Dodgers fans shouldn’t get their hopes up for Justin Verlander ‘meeting’
Though Justin Verlander might fall right in step with the Los Angeles Dodgers’ “coveted” short-term high-AAV deals — which has somehow become a narrative despite the only evidence of their ability to follow through on such offers being Trevor Bauer’s disastrous contract — it’s hard for fans to get excited about the two sides reportedly meeting on Monday.
With the Winter Meetings approaching, the Dodgers are conducting their preliminary business before the official dealings go down … but the extent of their involvement in a lot of these proceedings may only be exploratory.
Why? The warning signs have been here for a while. Ken Rosenthal cautioned the Dodgers might not be big spenders this offseason. Last week, Jeff Passan mentioned he didn’t think LA would go far beyond $200 million to sign Aaron Judge … meaning they will not be signing Aaron Judge, unless that’s a two-year contract.
Those are two of the must trusted MLB insiders laying the breadcrumb trail for a possible underwhelming Dodgers offseason.
If two pieces of reliable information weren’t enough for you, there’s now a third from MLB.com’s Juan Toribio, who always has his finger on the pulse.
The Dodgers are reportedly meeting with Justin Verlander … but don’t get your hopes up
Here’s what Toribio wrote in his latest column over the Thanksgiving weekend:
"“Justin Verlander could be the perfect option for the Dodgers, but they’ll have to outbid the Mets, Yankees and Astros, all of whom have interest in the likely Hall of Famer. Signing Verlander would also eat up a large chunk of L.A.’s payroll, which isn’t expected to be anywhere near where it was in each of the past two seasons.”"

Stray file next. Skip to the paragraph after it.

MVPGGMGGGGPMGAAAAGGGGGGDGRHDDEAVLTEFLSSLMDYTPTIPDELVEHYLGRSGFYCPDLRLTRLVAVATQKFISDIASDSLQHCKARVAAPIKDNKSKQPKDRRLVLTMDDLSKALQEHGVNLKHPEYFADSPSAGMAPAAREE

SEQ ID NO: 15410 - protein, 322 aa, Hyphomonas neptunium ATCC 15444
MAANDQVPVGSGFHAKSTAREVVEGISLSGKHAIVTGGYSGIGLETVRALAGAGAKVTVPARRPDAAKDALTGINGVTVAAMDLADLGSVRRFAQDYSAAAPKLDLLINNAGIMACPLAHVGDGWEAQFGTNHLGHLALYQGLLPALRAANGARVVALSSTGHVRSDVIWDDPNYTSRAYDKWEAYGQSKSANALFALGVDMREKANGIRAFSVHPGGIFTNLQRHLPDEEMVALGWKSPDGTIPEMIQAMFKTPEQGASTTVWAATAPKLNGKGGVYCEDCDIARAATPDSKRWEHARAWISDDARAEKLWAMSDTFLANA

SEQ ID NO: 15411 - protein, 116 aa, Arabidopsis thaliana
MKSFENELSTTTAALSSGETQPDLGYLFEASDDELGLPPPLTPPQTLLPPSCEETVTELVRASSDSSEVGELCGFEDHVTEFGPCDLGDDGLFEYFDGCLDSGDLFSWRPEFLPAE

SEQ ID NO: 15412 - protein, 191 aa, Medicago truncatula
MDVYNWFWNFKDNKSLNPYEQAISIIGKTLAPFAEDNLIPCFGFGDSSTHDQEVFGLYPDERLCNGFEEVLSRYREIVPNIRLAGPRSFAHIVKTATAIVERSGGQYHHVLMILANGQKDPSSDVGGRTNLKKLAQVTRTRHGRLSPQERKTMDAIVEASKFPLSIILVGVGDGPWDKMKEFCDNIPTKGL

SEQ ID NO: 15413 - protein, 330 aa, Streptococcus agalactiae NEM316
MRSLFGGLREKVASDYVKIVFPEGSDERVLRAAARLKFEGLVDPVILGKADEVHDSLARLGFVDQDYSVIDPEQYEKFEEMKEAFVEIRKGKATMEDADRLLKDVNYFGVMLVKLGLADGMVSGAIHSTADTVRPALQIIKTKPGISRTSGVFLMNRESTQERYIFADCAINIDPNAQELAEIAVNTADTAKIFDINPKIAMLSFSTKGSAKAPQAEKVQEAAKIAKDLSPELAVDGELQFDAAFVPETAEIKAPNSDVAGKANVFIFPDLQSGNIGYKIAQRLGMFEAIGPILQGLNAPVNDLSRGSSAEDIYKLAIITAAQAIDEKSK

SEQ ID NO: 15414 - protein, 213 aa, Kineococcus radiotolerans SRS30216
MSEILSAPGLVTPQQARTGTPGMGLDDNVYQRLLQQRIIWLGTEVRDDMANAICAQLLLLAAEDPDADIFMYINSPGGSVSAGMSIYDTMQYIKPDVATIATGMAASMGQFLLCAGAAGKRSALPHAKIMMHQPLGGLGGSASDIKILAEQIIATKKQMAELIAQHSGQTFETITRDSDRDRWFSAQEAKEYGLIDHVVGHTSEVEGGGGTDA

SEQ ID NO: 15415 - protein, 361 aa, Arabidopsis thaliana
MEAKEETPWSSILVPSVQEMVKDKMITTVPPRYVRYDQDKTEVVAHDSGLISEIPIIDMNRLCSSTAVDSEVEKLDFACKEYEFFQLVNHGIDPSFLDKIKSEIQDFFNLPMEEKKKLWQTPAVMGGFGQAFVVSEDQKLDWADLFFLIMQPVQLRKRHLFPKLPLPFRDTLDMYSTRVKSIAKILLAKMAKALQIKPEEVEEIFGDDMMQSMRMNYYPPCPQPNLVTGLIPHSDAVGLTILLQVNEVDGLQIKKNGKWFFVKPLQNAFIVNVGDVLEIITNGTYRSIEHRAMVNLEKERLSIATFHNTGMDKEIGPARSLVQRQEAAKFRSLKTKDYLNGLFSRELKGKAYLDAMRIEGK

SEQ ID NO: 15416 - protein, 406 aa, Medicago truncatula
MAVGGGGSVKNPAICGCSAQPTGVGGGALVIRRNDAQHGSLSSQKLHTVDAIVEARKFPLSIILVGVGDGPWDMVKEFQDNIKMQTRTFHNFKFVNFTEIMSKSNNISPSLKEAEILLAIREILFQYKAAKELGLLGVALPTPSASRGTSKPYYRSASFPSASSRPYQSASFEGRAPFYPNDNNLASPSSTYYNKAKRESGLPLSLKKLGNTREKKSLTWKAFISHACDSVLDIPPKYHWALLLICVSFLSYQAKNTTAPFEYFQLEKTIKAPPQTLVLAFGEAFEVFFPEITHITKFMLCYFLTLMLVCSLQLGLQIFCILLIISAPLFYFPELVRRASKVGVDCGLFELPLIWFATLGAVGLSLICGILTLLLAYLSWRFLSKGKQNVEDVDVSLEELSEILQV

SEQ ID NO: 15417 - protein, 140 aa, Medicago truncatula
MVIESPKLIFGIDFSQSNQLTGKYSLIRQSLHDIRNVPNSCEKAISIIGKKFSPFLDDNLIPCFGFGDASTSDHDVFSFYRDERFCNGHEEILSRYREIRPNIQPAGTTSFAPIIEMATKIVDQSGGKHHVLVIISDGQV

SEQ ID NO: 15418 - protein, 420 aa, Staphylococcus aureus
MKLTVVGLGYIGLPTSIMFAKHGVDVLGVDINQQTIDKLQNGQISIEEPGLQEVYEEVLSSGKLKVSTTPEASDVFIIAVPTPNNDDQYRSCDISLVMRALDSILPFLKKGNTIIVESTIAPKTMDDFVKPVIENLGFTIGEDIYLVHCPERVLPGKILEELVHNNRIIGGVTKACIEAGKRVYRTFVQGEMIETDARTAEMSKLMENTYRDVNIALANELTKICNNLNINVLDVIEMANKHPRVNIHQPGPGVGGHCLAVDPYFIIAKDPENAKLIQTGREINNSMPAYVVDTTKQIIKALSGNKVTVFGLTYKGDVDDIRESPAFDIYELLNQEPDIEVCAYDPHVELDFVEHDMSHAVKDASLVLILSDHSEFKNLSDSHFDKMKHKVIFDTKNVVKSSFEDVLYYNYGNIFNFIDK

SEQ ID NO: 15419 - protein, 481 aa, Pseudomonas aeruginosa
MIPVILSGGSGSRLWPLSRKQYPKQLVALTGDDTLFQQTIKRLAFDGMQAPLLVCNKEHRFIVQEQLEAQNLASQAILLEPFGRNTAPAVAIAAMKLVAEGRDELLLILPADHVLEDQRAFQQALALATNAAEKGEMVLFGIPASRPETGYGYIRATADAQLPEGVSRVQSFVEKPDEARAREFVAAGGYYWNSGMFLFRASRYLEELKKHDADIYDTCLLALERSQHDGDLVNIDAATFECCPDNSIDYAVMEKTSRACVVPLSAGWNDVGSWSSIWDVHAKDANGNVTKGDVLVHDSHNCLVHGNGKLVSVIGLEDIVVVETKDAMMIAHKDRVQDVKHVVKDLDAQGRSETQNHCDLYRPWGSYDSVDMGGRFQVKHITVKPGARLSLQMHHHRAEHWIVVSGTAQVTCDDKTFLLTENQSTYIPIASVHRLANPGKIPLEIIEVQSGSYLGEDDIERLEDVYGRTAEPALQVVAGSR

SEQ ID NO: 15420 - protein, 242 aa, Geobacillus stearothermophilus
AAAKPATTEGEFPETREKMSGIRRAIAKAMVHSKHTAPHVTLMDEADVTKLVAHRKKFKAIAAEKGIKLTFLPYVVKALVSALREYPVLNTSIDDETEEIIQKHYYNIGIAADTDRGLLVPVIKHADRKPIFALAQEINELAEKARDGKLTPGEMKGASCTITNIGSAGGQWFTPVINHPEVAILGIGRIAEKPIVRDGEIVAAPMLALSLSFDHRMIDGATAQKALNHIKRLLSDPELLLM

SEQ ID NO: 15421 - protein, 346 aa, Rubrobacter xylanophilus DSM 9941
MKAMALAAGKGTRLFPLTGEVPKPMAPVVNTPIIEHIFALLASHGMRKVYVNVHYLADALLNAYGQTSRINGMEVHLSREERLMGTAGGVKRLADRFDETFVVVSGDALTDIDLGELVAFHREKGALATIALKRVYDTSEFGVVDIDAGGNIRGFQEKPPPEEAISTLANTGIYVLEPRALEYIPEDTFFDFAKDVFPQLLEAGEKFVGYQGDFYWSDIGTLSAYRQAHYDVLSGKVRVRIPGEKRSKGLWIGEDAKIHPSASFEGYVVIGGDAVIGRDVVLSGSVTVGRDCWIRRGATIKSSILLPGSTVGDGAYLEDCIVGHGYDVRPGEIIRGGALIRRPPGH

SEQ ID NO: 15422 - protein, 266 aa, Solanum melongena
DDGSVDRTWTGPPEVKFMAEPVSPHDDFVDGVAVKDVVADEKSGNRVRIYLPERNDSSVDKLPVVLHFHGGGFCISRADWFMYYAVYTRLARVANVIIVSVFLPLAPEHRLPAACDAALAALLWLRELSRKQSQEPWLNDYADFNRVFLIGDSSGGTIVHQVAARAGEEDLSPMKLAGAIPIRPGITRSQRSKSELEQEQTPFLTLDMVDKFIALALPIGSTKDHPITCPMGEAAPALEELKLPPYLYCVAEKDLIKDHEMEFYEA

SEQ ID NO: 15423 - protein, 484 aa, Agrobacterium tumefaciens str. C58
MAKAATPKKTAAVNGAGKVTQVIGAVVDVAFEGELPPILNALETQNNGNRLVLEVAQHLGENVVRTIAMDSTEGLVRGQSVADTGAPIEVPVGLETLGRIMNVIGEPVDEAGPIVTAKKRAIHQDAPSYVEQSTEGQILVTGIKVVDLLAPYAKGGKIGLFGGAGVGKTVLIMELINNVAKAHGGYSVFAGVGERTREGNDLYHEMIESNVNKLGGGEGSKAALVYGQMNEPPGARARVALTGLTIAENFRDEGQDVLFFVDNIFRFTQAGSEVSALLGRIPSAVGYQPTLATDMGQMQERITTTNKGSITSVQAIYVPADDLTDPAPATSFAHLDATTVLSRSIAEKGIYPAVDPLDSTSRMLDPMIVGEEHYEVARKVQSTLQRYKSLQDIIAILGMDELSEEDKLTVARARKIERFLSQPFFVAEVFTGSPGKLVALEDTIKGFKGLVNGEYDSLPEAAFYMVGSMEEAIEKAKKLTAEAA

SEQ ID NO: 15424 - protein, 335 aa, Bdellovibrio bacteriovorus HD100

In that same column, Toribio mentioned the Dodgers have remained in contact with Trea Turner, but “the reality is starting to sink in that [he] likely won’t be playing in Los Angeles in 2023.” In the next sentences, he mentioned Turner is expected to get a long-term contract; Gavin Lux could open the season as the team’s starting shortstop; and that LA could pursue cheaper options in Xander Bogaerts (free agency) or Willy Adames (trade market).
If you think the Bogaerts’ name-drop was anything to look forward to, it was merely because he’s expected to be the “cheapest” shortstop free agent of the high-profile options available.
Last offseason, the Dodgers reportedly wouldn’t go higher than two years and $72 million for Max Scherzer, who eventually signed a three-year, $130 million contract with the Mets, which is what Verlander is rumored to be seeking.
The Dodgers finished with a $280 million payroll in 2022. If that number for 2023 is expected to be “nowhere near” that, then how can anybody envision $35+ million for Verlander when the Dodgers are already at $169 million for their competitive balance tax number without Clayton Kershaw’s $20 million for 2023 becoming official yet?